A U.S. Navy search team has found what it believes is the submerged wreckage of the American cargo ship El Faro, which went missing last month during Hurricane Joaquin, the U.S. National Transportation Safety Board announced in a press release Saturday night. The 790-foot ship, along with its crew of 28 Americans and five Polish citizens, went missing near the Bahamas on Oct. 1.
Using a ship-based sonar system called Orion, the search team on board the USNS Apache located the ship in question near El Faro’s last known location, at a depth of about 15,000 feet.
In its press release, the NTSB said, “The target identified by Orion is consistent with a 790-foot cargo ship, which from sonar images appears to be in an upright position and in one piece.”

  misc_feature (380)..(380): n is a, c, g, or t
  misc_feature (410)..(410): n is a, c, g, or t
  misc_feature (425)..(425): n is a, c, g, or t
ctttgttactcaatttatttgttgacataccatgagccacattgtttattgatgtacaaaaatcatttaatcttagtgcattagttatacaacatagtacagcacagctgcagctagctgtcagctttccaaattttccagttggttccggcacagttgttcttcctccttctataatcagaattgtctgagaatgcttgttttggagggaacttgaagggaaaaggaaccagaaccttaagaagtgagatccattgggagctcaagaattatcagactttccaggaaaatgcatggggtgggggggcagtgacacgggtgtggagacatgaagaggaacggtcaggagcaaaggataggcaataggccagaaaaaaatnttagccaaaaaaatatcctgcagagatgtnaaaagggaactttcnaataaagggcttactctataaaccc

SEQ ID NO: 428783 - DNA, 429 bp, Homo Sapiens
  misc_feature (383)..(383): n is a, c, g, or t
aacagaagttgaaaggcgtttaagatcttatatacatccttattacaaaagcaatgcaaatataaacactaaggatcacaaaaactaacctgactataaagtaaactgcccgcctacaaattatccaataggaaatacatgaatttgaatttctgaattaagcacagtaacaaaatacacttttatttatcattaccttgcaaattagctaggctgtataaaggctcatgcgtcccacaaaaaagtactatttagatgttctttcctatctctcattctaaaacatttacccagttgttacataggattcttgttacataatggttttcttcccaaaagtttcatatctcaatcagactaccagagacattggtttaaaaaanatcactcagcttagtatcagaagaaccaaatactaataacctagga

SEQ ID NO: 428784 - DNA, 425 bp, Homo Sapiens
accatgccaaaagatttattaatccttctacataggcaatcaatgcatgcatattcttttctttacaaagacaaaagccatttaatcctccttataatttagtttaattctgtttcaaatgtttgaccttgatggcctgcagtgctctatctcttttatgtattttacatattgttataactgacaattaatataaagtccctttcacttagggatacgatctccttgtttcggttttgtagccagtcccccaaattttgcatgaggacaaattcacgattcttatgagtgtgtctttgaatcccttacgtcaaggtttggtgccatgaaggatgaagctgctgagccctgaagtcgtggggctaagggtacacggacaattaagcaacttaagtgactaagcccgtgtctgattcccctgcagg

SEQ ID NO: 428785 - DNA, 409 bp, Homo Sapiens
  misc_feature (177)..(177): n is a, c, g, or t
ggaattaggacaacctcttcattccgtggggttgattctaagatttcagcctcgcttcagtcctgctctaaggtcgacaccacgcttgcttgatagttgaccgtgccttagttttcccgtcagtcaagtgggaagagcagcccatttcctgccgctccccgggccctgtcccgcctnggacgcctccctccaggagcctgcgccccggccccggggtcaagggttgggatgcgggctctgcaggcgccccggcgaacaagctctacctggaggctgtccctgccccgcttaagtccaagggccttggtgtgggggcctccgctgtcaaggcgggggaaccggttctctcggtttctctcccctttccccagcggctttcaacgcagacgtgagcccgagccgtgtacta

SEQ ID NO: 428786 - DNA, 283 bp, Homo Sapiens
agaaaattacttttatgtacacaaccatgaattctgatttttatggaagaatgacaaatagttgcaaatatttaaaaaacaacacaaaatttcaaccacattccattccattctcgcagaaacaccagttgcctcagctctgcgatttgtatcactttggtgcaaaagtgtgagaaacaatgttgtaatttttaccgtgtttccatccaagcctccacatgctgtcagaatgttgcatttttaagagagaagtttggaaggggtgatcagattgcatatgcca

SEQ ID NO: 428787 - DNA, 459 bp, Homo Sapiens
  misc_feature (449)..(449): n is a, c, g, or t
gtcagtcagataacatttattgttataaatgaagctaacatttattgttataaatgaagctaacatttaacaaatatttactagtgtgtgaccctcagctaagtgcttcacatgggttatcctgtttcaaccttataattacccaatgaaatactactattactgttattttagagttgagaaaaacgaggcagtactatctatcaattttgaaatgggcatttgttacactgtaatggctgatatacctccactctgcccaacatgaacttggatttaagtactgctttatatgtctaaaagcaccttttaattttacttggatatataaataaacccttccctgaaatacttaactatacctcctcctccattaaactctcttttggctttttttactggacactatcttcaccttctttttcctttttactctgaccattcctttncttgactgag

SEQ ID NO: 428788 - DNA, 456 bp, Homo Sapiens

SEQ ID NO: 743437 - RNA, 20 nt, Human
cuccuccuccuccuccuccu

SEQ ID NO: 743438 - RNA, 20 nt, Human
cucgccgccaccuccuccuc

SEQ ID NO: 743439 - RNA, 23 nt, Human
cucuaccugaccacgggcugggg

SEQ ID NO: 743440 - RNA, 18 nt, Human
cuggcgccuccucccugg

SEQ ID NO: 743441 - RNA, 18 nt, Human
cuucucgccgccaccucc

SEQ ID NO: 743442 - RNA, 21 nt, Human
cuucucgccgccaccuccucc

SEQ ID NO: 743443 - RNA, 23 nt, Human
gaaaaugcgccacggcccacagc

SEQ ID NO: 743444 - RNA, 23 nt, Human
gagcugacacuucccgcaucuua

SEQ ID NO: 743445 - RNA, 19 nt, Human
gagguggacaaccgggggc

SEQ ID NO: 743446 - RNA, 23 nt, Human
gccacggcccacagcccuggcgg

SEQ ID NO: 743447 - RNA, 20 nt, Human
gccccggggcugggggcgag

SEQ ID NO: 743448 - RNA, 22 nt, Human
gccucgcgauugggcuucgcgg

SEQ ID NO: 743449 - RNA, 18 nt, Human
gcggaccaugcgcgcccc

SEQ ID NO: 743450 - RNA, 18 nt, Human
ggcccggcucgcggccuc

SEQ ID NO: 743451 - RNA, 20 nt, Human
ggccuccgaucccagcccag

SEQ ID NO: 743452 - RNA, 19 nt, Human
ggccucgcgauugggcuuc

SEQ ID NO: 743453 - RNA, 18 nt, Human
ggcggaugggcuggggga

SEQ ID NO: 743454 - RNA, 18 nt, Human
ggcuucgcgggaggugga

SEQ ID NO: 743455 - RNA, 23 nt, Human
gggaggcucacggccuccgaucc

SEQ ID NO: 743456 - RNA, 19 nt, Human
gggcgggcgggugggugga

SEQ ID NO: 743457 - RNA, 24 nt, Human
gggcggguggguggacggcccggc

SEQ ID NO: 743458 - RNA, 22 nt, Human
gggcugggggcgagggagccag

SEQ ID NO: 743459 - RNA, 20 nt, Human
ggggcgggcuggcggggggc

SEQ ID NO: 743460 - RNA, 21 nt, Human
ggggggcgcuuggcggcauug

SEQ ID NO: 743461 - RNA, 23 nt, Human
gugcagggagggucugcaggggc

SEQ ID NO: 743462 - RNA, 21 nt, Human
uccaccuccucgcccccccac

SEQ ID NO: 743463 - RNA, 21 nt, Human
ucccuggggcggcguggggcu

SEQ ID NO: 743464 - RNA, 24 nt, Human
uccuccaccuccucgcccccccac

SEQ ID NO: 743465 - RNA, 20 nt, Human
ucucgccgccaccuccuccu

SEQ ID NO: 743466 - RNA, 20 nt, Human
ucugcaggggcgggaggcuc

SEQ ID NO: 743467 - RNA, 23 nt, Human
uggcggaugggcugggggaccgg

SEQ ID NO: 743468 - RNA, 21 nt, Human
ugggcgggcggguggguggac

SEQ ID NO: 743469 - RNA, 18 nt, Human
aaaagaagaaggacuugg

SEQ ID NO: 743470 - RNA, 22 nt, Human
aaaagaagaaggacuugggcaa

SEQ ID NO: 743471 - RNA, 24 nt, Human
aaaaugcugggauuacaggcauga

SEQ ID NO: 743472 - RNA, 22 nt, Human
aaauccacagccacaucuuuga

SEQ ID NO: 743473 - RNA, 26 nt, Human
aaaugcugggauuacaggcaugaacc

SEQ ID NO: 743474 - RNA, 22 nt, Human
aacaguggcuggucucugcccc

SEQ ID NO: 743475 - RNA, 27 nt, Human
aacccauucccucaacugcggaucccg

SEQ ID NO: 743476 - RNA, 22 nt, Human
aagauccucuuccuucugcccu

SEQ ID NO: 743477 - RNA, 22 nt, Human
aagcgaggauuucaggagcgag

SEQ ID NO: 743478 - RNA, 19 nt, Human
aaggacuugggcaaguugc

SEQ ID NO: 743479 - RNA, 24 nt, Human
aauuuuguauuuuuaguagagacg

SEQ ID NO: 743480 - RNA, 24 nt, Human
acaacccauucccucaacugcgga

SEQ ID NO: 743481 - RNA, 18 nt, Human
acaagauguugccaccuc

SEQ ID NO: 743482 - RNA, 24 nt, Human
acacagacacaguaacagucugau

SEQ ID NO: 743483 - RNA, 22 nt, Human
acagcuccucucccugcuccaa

In order to confirm the wrecked vessel’s identity, specialists aboard the Apache will send a drone submarine called the CURV-21 nearly three miles down into the depths to investigate the wreck. The NTSB said this survey could begin as early as Sunday.
The disappearance of the ship — which was en route from Jacksonville, Florida, to San Juan, Puerto Rico, — prompted the NTSB to contract with the U.S. Navy to undertake a massive search that covered tens of thousands of square miles of ocean.
Search teams had previously found debris from the ship and recovered the body of one crew member still wearing a survival suit.
If the wreck does turn out to be El Faro, the Navy team will begin to document and vessel and its debris field, find the voyage data recorder (similar to the so-called black boxes that commercial airliners carry) and recover the remains of the missing sailors.